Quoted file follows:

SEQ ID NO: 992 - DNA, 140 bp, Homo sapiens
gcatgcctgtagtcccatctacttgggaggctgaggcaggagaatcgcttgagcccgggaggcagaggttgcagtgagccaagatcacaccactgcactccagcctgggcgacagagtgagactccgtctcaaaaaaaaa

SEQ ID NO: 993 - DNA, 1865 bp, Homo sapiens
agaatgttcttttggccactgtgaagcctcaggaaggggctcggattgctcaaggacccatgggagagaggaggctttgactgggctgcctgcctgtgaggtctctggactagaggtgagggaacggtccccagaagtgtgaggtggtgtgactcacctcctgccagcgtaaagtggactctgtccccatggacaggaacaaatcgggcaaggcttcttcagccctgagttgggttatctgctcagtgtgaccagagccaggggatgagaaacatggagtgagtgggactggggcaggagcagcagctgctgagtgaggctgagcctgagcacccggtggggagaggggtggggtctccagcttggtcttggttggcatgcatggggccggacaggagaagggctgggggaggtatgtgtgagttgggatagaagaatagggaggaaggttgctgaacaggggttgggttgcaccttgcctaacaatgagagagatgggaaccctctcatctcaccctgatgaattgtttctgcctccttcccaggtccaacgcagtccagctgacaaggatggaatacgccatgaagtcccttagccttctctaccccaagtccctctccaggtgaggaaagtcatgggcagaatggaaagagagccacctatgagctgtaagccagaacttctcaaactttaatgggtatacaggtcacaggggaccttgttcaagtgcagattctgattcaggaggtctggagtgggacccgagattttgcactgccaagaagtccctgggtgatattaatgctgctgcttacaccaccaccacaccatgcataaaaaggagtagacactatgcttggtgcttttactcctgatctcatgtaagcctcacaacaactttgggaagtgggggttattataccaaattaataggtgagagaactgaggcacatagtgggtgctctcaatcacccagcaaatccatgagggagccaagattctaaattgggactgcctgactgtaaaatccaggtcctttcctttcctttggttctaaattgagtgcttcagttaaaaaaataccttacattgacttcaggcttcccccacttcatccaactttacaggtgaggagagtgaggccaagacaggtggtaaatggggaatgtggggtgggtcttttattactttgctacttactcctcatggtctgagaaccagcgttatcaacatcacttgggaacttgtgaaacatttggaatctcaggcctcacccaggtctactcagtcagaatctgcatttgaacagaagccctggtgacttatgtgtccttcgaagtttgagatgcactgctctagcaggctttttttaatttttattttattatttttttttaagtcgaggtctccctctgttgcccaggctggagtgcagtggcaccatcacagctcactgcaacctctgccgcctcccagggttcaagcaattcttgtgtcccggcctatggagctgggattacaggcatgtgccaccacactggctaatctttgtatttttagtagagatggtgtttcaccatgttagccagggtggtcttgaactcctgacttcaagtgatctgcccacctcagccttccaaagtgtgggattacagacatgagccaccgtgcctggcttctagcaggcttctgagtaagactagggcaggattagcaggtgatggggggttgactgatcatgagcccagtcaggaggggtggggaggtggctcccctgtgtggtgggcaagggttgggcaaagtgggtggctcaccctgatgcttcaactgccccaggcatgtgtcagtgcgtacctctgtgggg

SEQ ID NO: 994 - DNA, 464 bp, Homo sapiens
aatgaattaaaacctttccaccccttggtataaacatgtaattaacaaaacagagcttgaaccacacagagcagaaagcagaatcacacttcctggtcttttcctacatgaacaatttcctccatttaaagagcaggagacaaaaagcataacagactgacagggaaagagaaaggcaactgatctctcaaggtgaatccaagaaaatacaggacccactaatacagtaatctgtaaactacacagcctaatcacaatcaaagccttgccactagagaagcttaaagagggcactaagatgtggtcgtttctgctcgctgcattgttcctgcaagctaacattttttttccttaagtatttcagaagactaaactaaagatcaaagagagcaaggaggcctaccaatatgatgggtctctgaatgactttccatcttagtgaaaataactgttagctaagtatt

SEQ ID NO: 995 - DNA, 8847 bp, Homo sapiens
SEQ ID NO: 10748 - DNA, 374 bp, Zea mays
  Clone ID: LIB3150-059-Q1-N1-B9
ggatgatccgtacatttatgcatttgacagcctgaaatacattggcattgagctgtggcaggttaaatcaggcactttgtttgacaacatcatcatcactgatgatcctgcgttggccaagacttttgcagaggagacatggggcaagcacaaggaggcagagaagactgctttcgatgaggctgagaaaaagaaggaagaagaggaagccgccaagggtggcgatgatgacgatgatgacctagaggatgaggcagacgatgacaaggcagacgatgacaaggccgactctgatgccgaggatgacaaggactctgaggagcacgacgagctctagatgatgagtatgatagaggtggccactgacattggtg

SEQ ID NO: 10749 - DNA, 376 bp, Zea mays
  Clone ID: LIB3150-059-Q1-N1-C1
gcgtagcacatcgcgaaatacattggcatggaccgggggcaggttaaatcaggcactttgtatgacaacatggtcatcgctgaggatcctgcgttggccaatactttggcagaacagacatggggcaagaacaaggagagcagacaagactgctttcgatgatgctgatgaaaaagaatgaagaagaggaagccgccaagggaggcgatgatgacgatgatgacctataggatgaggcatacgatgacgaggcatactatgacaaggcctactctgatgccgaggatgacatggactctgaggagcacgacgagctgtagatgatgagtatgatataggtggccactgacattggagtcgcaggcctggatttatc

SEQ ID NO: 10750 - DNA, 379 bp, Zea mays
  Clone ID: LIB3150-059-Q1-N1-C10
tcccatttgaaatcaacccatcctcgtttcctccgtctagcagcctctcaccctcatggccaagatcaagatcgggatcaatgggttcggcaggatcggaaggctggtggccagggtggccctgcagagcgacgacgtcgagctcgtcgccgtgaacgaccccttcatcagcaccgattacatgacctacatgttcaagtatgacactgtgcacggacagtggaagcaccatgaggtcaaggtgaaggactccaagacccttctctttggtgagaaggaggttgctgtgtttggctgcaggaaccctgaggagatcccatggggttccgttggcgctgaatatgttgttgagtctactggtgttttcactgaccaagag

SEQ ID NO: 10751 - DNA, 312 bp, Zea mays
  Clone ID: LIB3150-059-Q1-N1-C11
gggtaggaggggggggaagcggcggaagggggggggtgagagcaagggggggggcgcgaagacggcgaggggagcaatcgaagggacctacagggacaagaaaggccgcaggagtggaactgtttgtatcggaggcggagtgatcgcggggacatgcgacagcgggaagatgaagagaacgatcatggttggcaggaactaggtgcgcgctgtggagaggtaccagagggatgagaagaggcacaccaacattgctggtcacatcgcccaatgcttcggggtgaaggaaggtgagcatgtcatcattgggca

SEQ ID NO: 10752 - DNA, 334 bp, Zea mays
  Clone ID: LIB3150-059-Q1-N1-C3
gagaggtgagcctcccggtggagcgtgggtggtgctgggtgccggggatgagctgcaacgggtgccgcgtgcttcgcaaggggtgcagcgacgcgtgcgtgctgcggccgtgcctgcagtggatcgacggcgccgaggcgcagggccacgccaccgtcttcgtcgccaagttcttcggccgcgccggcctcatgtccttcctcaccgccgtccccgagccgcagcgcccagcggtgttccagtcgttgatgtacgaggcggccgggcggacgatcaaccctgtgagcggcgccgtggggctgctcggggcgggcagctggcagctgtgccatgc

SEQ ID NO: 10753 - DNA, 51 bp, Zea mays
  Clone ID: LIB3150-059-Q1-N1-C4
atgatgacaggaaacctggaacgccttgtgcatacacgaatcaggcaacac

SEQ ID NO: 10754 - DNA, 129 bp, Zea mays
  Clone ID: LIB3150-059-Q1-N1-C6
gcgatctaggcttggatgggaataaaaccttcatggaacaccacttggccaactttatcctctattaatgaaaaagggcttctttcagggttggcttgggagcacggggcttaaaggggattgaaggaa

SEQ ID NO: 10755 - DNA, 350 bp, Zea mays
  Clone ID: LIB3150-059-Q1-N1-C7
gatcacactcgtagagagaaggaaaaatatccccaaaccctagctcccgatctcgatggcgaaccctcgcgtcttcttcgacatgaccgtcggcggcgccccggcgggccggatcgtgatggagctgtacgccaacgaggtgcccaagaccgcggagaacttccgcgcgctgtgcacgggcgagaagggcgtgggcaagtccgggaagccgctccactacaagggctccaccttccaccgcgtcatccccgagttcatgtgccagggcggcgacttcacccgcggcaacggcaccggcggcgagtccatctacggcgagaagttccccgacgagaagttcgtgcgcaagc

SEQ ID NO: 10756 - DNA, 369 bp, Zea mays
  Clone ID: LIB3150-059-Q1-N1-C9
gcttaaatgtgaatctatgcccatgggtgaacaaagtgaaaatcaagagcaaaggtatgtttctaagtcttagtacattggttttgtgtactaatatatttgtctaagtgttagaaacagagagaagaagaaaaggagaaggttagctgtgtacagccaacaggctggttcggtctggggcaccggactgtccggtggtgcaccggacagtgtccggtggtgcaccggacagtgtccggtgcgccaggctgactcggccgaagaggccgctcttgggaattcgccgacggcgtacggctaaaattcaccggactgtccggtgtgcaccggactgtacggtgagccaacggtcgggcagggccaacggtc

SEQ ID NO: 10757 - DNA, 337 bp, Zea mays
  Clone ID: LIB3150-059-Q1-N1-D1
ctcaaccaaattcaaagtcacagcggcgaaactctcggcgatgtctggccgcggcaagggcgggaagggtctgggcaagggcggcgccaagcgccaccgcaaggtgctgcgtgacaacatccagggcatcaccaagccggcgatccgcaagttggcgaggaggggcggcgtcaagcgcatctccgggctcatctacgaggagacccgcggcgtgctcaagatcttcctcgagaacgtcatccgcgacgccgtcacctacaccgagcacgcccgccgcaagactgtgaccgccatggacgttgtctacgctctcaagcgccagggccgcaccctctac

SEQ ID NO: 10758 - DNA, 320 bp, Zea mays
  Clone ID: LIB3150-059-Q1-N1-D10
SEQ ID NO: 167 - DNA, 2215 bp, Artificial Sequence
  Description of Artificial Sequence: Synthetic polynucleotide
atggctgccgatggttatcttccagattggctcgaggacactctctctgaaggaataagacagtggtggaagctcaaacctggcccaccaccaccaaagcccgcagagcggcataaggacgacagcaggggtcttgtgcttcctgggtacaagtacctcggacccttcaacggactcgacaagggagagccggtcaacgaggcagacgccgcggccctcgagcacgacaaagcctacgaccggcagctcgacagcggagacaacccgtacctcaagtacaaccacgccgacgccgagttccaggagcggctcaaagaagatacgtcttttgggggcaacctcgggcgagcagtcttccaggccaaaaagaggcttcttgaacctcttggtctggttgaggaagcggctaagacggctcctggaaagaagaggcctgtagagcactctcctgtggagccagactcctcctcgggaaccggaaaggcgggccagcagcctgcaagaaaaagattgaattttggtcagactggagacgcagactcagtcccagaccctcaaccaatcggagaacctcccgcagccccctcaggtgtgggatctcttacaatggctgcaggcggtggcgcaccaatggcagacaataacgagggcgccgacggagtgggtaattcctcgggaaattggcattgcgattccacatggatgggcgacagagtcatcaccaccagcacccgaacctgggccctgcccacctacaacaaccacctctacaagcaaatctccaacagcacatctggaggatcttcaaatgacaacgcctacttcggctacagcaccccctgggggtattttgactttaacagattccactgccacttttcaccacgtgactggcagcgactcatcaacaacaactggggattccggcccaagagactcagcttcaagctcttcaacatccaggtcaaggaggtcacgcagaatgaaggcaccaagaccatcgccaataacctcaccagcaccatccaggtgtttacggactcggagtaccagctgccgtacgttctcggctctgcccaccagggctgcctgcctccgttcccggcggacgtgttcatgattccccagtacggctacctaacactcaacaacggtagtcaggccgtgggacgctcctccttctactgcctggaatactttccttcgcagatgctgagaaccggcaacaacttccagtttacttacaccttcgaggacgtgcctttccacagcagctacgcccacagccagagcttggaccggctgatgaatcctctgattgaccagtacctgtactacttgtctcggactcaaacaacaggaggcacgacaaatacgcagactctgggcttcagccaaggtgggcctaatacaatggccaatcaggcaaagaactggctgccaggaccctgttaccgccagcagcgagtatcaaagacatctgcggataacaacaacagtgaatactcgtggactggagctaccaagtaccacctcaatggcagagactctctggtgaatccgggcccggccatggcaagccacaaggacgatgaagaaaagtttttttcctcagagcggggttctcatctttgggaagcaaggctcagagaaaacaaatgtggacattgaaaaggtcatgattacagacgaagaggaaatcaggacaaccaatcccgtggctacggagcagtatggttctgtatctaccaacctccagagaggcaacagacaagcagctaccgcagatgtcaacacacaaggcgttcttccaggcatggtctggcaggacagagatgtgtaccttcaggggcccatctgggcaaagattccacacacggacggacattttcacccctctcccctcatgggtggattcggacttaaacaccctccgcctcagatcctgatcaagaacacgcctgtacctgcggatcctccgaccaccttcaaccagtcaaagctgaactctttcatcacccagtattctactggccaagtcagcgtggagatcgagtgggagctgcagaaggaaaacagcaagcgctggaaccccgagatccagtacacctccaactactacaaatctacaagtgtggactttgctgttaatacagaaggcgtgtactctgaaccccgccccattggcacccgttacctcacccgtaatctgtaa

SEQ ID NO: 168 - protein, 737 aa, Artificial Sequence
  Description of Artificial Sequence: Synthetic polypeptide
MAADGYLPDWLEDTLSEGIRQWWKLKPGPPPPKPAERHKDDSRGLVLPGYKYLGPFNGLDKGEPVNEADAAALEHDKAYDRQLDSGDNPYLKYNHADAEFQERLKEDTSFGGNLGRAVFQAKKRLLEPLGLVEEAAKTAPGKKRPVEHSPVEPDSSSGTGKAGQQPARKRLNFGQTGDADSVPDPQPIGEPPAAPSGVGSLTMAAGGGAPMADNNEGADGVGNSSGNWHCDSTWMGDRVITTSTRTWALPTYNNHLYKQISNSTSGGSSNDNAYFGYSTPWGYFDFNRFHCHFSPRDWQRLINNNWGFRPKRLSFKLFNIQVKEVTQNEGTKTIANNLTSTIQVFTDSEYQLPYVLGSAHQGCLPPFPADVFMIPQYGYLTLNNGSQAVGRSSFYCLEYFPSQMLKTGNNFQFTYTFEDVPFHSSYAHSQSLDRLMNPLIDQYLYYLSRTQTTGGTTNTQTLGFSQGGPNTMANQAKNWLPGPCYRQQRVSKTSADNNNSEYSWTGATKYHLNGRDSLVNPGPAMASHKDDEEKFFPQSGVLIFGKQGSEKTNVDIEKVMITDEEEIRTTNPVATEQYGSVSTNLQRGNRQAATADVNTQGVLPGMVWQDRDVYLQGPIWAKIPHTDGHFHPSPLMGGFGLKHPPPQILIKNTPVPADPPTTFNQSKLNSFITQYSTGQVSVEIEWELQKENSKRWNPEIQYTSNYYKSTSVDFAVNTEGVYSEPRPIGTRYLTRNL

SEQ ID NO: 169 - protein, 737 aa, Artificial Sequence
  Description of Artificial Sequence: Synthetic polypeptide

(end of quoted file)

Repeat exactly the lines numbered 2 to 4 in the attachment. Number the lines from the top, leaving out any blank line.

gcatgcctgtagtcccatctacttgggaggctgaggcaggagaatcgcttgagcccgggaggcagaggttgcagtgagccaagatcacaccactgcactccagcctgggcgacagagtgagactccgtctcaaaaaaaaa

SEQ ID NO: 993 - DNA, 1865 bp, Homo sapiens
agaatgttcttttggccactgtgaagcctcaggaaggggctcggattgctcaaggacccatgggagagaggaggctttgactgggctgcctgcctgtgaggtctctggactagaggtgagggaacggtccccagaagtgtgaggtggtgtgactcacctcctgccagcgtaaagtggactctgtccccatggacaggaacaaatcgggcaaggcttcttcagccctgagttgggttatctgctcagtgtgaccagagccaggggatgagaaacatggagtgagtgggactggggcaggagcagcagctgctgagtgaggctgagcctgagcacccggtggggagaggggtggggtctccagcttggtcttggttggcatgcatggggccggacaggagaagggctgggggaggtatgtgtgagttgggatagaagaatagggaggaaggttgctgaacaggggttgggttgcaccttgcctaacaatgagagagatgggaaccctctcatctcaccctgatgaattgtttctgcctccttcccaggtccaacgcagtccagctgacaaggatggaatacgccatgaagtcccttagccttctctaccccaagtccctctccaggtgaggaaagtcatgggcagaatggaaagagagccacctatgagctgtaagccagaacttctcaaactttaatgggtatacaggtcacaggggaccttgttcaagtgcagattctgattcaggaggtctggagtgggacccgagattttgcactgccaagaagtccctgggtgatattaatgctgctgcttacaccaccaccacaccatgcataaaaaggagtagacactatgcttggtgcttttactcctgatctcatgtaagcctcacaacaactttgggaagtgggggttattataccaaattaataggtgagagaactgaggcacatagtgggtgctctcaatcacccagcaaatccatgagggagccaagattctaaattgggactgcctgactgtaaaatccaggtcctttcctttcctttggttctaaattgagtgcttcagttaaaaaaataccttacattgacttcaggcttcccccacttcatccaactttacaggtgaggagagtgaggccaagacaggtggtaaatggggaatgtggggtgggtcttttattactttgctacttactcctcatggtctgagaaccagcgttatcaacatcacttgggaacttgtgaaacatttggaatctcaggcctcacccaggtctactcagtcagaatctgcatttgaacagaagccctggtgacttatgtgtccttcgaagtttgagatgcactgctctagcaggctttttttaatttttattttattatttttttttaagtcgaggtctccctctgttgcccaggctggagtgcagtggcaccatcacagctcactgcaacctctgccgcctcccagggttcaagcaattcttgtgtcccggcctatggagctgggattacaggcatgtgccaccacactggctaatctttgtatttttagtagagatggtgtttcaccatgttagccagggtggtcttgaactcctgacttcaagtgatctgcccacctcagccttccaaagtgtgggattacagacatgagccaccgtgcctggcttctagcaggcttctgagtaagactagggcaggattagcaggtgatggggggttgactgatcatgagcccagtcaggaggggtggggaggtggctcccctgtgtggtgggcaagggttgggcaaagtgggtggctcaccctgatgcttcaactgccccaggcatgtgtcagtgcgtacctctgtgggg